Campaigners said data showed that the water industry was flouting ¿poor regulation¿ by the Environment Agency (file image of the River Thames at Maidenhead)

Campaigners said data showed that the water industry was flouting ‘poor regulation’ by the Environment Agency (file image of the River Thames at Maidenhead)

According to new data, water companies pump five times less cash into sewer works than they do for leaks or rising bills.

In the past 30 years, water companies have reduced their investments in sewage work by one fifth. These figures are from Figures.

The chronic under-investment comes despite water bills rising 31 per cent and the £72billion paid in dividends to investors over the same period.

The claims come as the firms are under attack for dumping sewage into rivers instead of processing it – which critics say is because they have failed to adequately invest in treatment works.

Water companies are now facing a wave of anger – which includes customers withholding bills in protest at the repeated dumping of sewage in rivers and seas.

This analysis focuses on investment after 1989 privatization. 

And it shows that cash put into waste water and sewage networks fell by almost a fifth – 17 per cent – from £2.9billion in the 1990s to £2.4billion, based on data from regulator Ofwat and the campaign group Windrush Against Sewage Pollution.


Katy Taylor (Chief Customer Officer at Southern Water) stated that transparency about the performance of Southern Water is very important. All sewage releases, regardless of whether they are permitted, must be reported to the Environment Agency. We also publish any such information on our site. 

“While we’re proud that 78 out of 83 bathing water in our area have been rated excellent or good, we know we can do more to protect our seas and rivers.

‘To improve our performance we are investing £2billion over the next five years, with a commitment to cut 80% of our pollution incidents by 2025 and 80% of storm overflows by 2030.

We are taking an integrated approach to the various causes of pollution through partnerships with local stakeholders across South East. These collaborative approaches will allow us to move faster and put holistic, nature-based solutions at the core of our efforts to reduce pollution.

“We appreciate the support Ofwat’s and Environment Agency’s in the creation of a framework that encourages more collaborative and environmentally-driven approaches to eliminating all sewage emissions for good.”

Wessex Water spokesperson said that they are currently reviewing Professor Hammond’s modeling to confirm the overflow usage data.

“Our monitoring data suggests that overflows in this area do not affect the river ecology downstream, and therefore no concern has been raised by Environment Agency.

MailOnline received the following statement from Thames Water: “We have received the report. We will examine it closely in the days ahead.”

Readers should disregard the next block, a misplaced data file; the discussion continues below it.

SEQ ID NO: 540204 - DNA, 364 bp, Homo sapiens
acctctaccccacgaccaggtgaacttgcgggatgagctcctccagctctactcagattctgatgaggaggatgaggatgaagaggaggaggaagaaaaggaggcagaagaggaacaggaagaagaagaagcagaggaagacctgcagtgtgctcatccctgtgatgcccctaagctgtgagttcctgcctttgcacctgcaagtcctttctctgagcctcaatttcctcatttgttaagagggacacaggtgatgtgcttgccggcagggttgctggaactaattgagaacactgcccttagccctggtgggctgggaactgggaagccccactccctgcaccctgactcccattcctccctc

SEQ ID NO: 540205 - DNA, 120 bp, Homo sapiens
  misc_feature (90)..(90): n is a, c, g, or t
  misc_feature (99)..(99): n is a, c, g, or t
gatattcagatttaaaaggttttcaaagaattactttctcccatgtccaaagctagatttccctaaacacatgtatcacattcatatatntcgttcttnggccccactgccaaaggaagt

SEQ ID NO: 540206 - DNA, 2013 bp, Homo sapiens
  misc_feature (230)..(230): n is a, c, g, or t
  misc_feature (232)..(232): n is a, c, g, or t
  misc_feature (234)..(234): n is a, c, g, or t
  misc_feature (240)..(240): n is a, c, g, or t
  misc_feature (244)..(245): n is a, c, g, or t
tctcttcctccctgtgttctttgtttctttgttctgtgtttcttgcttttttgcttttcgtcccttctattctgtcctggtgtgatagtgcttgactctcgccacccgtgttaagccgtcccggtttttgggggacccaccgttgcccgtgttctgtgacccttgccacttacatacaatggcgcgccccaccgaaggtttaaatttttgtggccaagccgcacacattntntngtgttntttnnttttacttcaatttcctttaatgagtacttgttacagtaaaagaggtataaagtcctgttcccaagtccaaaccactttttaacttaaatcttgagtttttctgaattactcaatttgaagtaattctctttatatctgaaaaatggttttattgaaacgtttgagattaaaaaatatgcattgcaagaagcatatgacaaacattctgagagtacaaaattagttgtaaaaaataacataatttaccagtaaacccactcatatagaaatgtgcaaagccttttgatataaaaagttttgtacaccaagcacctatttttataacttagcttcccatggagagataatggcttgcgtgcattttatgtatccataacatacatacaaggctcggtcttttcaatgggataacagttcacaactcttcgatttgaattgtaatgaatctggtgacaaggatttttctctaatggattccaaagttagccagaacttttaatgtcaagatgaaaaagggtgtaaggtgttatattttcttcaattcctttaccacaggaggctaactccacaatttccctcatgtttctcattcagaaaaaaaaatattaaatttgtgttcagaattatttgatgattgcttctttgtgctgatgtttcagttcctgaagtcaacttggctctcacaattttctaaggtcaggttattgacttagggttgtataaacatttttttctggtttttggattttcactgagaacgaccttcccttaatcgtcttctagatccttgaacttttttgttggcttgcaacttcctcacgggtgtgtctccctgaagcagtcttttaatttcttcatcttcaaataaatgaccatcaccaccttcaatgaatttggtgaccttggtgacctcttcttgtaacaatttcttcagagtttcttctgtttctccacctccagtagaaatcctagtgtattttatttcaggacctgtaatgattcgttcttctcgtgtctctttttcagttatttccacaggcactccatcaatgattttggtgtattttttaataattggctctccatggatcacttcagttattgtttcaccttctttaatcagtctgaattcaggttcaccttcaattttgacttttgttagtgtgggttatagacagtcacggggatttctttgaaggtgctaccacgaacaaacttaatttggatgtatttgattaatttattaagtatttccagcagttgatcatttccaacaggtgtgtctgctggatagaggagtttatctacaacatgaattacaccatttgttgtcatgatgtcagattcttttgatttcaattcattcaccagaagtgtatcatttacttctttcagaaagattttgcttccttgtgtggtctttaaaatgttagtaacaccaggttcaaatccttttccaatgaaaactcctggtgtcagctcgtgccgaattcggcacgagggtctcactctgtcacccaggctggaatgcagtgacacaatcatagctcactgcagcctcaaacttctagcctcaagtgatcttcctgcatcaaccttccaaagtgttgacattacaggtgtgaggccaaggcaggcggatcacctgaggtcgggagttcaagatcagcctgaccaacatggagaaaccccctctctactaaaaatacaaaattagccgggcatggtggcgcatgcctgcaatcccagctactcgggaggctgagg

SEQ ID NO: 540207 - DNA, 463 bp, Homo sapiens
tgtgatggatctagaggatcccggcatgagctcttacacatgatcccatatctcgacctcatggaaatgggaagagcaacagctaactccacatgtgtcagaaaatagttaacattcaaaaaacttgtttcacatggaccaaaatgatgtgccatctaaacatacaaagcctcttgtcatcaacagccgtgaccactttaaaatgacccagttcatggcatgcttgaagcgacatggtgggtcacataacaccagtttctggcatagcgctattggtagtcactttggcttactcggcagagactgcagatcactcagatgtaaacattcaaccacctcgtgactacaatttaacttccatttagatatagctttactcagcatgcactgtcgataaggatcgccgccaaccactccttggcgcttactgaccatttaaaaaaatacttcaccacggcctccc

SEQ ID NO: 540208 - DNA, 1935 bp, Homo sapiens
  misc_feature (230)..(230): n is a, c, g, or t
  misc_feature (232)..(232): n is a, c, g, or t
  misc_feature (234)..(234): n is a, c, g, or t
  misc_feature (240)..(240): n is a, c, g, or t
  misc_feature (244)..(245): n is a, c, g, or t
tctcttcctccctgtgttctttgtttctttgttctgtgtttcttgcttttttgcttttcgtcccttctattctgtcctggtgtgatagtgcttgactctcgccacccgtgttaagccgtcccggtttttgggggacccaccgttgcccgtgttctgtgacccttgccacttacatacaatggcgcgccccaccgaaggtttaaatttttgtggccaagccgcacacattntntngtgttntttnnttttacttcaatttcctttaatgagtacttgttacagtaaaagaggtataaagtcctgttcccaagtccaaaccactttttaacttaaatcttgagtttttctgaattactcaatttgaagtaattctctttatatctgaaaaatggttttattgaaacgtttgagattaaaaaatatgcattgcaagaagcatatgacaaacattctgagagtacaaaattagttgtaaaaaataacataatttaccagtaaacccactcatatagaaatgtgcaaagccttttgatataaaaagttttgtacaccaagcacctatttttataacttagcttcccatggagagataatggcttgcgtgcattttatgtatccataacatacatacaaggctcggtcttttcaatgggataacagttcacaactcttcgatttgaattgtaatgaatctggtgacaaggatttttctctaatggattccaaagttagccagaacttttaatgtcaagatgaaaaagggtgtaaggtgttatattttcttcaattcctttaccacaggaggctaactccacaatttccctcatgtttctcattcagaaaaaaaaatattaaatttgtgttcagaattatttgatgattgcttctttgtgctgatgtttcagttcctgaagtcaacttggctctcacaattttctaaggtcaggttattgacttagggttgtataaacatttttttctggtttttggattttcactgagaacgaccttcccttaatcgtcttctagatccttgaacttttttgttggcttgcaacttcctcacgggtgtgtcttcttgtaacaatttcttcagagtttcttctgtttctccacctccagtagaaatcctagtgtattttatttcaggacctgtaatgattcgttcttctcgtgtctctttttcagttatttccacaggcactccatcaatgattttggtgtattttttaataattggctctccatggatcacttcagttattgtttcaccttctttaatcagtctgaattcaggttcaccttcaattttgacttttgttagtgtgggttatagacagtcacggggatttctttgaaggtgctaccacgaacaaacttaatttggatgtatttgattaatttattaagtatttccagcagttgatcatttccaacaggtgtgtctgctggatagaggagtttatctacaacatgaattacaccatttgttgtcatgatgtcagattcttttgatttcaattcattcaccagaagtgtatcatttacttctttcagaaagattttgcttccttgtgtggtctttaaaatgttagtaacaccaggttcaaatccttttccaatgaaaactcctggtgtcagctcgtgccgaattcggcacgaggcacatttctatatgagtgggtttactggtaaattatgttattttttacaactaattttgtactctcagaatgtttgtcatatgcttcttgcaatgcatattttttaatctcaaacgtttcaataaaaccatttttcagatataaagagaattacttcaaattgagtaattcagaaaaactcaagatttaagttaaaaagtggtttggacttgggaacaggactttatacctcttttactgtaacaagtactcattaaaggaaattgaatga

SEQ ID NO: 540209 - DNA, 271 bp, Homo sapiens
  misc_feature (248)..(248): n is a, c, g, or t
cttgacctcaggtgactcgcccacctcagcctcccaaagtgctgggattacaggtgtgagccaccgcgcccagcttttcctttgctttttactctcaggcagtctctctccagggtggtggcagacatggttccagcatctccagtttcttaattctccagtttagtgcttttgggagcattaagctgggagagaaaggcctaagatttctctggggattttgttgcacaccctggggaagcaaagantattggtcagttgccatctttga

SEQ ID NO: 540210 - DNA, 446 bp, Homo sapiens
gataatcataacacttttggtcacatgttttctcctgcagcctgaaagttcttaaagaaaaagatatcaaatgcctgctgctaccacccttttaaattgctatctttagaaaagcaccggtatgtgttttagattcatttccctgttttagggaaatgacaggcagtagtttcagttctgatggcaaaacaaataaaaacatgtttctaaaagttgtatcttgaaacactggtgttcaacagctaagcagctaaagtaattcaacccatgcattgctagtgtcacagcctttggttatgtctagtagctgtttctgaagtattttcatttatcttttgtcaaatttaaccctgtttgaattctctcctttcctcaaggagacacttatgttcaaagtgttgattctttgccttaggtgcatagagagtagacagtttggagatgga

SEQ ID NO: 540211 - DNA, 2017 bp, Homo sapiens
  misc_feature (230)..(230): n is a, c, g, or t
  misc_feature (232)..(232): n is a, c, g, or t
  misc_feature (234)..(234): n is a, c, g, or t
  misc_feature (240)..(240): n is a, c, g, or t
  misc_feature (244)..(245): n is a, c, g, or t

“We consider all untreated sewage discharges unacceptable. We will cooperate with Ofwat, the government and Environment Agency to speed up work to prevent them from happening.

“That’s why we have committed to providing sewage notification notifications in near real-time from all 468 permit discharge points by 2022. We believe that we are the only water company who has made this commitment for inland waters.

“We are able to make unprecedented investments towards protecting rivers and streams. 

‘Between 2020 and 2025 we are spending £1.25billion on maintaining and improving our operational sites, including contributing to the health of 745km of rivers across London and the Thames Valley, for example increasing our capacity by 50 per cent at our Witney site.

“Our goal will be to do what is right for rivers and the people who live and love them. We have a long way to go – and we certainly can’t do it on our own – but the ambition is clear.’  

An Environment Agency spokesman said: ‘Where there is evidence of non-compliance we will not hesitate to pursue the water companies concerned, and take appropriate action – as is evidenced by the conclusion of seven prosecutions against water and sewerage companies in 2021.

“Sewage Pollution can cause severe damage to our environment, local biodiversity, and human health. This must be addressed by water companies, regulators and farmers, as well as other stakeholders such as farmers, fishermen, scientists, engineers, etc.

“To-date, 1300 storm overflows at storm water treatment plants and storm tanks have been found to be spilling often. We reviewed data from more than 12,000 locations and prioritized these cases for additional scrutiny. 

“Our separate major investigation into potential unauthorised spillages at thousands sewage treatment works in the United States is currently ongoing.”

MailOnline reached out to all seven companies asking for comments.